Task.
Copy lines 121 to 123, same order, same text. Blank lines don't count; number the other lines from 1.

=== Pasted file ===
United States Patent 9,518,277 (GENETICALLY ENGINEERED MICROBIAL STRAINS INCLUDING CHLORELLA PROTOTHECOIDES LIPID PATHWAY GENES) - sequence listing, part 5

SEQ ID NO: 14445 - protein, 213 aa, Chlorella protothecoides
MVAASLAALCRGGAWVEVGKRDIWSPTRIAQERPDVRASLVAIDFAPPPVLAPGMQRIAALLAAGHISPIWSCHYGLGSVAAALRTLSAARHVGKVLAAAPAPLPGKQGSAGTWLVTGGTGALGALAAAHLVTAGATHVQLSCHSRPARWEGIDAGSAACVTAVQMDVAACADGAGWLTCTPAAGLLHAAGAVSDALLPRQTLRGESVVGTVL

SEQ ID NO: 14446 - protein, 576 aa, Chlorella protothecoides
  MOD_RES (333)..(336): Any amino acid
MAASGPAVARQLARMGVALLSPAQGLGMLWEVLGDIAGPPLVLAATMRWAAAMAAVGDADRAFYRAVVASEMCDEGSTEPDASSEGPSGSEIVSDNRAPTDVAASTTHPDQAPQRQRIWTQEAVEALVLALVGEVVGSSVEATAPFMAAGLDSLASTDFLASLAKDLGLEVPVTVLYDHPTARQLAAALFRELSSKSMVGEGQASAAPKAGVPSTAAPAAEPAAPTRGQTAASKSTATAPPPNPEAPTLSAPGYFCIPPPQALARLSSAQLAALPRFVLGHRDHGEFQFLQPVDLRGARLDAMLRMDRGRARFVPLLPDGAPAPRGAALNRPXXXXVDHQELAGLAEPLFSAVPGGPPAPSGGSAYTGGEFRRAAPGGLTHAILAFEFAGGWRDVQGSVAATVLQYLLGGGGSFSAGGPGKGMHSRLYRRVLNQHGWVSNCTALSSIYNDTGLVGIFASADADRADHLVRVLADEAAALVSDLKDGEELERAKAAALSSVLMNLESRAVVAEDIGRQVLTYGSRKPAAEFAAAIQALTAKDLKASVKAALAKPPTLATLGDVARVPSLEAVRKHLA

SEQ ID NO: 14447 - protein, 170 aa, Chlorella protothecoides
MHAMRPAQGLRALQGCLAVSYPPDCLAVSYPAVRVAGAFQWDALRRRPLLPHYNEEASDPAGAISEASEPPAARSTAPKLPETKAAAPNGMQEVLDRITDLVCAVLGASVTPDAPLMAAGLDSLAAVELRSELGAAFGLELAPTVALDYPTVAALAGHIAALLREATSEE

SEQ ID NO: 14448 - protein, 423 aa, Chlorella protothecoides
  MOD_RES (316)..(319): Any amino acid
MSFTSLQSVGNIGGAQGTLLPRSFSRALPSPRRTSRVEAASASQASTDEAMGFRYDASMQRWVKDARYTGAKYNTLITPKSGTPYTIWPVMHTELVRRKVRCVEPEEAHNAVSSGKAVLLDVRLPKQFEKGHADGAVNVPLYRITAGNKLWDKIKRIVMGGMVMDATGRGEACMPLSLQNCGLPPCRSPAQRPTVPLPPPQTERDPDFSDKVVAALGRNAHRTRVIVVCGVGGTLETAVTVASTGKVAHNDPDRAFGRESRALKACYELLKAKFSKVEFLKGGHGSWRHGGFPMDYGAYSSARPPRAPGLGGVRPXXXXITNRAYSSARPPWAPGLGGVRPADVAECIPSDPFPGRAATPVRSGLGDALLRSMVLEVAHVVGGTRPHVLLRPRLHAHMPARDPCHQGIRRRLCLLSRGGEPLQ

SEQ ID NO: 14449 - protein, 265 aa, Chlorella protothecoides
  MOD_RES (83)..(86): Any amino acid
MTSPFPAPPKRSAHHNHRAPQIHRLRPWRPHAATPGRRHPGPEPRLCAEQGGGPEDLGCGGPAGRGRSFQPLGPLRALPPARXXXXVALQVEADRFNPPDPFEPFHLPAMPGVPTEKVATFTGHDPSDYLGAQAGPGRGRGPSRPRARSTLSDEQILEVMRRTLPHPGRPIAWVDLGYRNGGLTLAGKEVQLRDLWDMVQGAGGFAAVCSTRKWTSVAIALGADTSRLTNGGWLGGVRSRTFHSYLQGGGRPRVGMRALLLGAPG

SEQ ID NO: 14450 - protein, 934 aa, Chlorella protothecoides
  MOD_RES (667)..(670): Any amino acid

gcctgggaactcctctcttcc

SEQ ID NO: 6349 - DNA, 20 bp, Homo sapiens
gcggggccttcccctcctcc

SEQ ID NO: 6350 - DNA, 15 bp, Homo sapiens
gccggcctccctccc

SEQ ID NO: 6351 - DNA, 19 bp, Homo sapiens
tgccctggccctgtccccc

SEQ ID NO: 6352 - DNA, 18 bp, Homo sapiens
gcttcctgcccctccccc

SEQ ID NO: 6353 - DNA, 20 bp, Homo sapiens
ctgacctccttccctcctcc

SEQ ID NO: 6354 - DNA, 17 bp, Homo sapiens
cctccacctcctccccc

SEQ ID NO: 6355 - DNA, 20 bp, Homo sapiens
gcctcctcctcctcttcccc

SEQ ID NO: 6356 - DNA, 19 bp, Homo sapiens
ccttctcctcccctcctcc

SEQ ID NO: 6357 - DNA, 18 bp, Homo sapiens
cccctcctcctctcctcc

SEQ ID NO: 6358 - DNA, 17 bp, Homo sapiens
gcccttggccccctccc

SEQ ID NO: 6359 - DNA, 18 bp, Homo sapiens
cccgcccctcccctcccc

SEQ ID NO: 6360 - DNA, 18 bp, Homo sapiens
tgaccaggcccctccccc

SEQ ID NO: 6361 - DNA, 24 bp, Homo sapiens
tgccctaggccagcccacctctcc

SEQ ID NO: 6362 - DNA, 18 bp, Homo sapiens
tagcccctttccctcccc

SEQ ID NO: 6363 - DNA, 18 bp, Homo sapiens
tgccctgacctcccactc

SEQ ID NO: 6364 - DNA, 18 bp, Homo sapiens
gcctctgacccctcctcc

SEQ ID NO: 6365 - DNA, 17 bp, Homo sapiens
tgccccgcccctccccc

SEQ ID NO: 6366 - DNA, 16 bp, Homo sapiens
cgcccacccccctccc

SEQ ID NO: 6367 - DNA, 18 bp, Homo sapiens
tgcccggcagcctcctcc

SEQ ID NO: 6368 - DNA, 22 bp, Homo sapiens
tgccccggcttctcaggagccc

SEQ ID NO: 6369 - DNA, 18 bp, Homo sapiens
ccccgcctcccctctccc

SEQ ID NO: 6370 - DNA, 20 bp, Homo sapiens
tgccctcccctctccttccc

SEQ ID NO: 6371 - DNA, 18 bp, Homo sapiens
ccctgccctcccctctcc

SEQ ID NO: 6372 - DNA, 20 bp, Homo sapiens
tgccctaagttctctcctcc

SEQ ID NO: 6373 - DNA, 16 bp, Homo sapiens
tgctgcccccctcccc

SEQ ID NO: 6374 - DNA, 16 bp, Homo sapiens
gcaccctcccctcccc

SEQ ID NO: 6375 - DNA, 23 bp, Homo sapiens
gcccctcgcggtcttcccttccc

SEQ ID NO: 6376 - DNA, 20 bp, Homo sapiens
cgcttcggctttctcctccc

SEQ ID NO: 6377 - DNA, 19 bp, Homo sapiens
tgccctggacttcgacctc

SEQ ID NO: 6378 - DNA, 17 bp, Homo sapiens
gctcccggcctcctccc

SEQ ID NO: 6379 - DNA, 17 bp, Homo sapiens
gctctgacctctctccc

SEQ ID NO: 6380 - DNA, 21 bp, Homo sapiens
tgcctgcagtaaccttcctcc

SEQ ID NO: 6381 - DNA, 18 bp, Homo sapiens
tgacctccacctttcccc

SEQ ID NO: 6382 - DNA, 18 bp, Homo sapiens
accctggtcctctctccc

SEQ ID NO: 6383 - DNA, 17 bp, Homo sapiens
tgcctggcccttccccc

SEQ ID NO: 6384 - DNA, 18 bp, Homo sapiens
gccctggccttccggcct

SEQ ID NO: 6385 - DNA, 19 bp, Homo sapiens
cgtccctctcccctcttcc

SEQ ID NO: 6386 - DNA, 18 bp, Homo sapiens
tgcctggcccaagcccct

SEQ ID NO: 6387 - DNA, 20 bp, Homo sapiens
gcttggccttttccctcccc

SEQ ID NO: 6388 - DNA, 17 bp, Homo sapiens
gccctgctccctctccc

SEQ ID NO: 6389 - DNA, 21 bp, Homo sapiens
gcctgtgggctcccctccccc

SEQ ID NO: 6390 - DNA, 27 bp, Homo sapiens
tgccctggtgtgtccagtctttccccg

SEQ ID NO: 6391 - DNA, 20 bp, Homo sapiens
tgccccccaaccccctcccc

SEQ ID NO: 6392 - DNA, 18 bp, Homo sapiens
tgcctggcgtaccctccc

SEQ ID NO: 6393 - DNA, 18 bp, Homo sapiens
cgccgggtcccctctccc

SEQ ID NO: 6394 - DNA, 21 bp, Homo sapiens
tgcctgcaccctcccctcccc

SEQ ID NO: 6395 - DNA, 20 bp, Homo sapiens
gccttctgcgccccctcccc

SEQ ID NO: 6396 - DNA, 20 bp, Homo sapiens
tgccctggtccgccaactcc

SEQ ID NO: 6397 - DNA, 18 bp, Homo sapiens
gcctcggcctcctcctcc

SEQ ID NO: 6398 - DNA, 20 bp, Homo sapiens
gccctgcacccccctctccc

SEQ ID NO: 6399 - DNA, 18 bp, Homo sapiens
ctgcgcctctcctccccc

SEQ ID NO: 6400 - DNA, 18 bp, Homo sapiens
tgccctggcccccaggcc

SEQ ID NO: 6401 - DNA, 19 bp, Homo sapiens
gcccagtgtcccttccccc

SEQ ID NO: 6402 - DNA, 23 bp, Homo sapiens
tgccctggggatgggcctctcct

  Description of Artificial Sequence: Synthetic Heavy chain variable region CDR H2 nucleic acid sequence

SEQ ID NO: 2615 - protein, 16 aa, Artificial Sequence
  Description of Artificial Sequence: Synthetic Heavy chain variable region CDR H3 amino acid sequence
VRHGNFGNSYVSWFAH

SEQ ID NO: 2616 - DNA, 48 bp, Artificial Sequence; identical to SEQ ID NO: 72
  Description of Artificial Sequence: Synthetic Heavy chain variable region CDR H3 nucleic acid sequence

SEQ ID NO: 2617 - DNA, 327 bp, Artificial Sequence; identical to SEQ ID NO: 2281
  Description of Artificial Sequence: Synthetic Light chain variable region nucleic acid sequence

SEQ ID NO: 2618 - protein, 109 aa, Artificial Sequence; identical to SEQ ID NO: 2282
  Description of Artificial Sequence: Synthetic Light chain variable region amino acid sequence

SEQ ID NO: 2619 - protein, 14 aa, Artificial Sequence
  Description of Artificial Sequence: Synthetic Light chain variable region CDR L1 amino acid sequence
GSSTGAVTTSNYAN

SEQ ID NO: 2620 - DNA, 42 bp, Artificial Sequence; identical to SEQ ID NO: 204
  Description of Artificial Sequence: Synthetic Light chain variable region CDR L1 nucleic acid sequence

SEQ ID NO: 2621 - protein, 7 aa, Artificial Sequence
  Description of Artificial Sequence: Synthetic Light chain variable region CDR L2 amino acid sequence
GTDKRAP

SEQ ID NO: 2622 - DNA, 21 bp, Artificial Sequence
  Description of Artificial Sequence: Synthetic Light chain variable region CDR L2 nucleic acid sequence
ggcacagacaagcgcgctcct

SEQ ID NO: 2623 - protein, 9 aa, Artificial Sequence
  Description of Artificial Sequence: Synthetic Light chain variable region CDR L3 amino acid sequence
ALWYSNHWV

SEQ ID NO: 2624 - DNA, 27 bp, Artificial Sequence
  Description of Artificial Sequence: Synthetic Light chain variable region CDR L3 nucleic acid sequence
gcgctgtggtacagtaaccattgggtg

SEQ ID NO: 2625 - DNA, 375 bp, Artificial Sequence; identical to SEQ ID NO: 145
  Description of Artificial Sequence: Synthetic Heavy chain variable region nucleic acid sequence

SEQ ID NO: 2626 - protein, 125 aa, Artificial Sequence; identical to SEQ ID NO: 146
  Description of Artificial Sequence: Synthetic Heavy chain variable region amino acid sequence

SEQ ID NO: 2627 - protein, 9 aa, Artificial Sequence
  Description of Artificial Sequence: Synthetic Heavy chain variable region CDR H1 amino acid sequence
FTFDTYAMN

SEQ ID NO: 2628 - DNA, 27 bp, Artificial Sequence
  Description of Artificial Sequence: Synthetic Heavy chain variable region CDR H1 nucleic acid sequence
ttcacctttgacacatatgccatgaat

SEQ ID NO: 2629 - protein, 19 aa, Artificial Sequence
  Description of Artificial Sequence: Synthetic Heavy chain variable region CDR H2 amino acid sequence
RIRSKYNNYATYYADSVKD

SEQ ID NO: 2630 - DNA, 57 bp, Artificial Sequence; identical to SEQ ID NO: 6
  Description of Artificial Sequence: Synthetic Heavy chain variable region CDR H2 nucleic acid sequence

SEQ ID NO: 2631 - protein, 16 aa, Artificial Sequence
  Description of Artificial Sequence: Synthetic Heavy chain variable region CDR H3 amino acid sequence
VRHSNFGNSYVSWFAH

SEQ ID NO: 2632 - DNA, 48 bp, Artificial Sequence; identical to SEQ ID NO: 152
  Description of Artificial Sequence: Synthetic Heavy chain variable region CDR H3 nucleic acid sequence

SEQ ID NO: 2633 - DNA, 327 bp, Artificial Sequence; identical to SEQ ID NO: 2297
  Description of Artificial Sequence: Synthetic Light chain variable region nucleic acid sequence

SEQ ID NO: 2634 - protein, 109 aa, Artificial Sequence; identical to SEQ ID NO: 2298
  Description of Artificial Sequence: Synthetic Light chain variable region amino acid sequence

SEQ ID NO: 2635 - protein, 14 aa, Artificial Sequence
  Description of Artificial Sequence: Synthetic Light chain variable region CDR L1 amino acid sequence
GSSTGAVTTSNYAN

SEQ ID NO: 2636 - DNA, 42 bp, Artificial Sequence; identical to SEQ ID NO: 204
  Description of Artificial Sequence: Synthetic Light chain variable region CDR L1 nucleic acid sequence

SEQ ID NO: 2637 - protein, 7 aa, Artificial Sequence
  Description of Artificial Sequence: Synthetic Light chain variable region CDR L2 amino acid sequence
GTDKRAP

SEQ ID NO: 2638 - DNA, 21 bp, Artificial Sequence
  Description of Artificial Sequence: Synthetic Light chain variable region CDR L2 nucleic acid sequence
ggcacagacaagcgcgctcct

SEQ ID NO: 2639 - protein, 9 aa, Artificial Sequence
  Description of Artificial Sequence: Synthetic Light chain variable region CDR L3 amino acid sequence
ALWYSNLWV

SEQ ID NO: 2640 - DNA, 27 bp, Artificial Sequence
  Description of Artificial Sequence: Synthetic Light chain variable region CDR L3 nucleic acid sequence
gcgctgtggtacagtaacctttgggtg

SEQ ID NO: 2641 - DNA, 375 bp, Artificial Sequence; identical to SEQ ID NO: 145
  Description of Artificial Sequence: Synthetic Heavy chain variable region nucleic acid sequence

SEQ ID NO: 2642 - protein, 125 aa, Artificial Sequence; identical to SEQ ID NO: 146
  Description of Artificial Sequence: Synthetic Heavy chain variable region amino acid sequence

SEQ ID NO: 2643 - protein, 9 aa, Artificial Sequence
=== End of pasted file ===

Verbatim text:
tgccctggcccccaggcc

SEQ ID NO: 6401 - DNA, 19 bp, Homo sapiens
gcccagtgtcccttccccc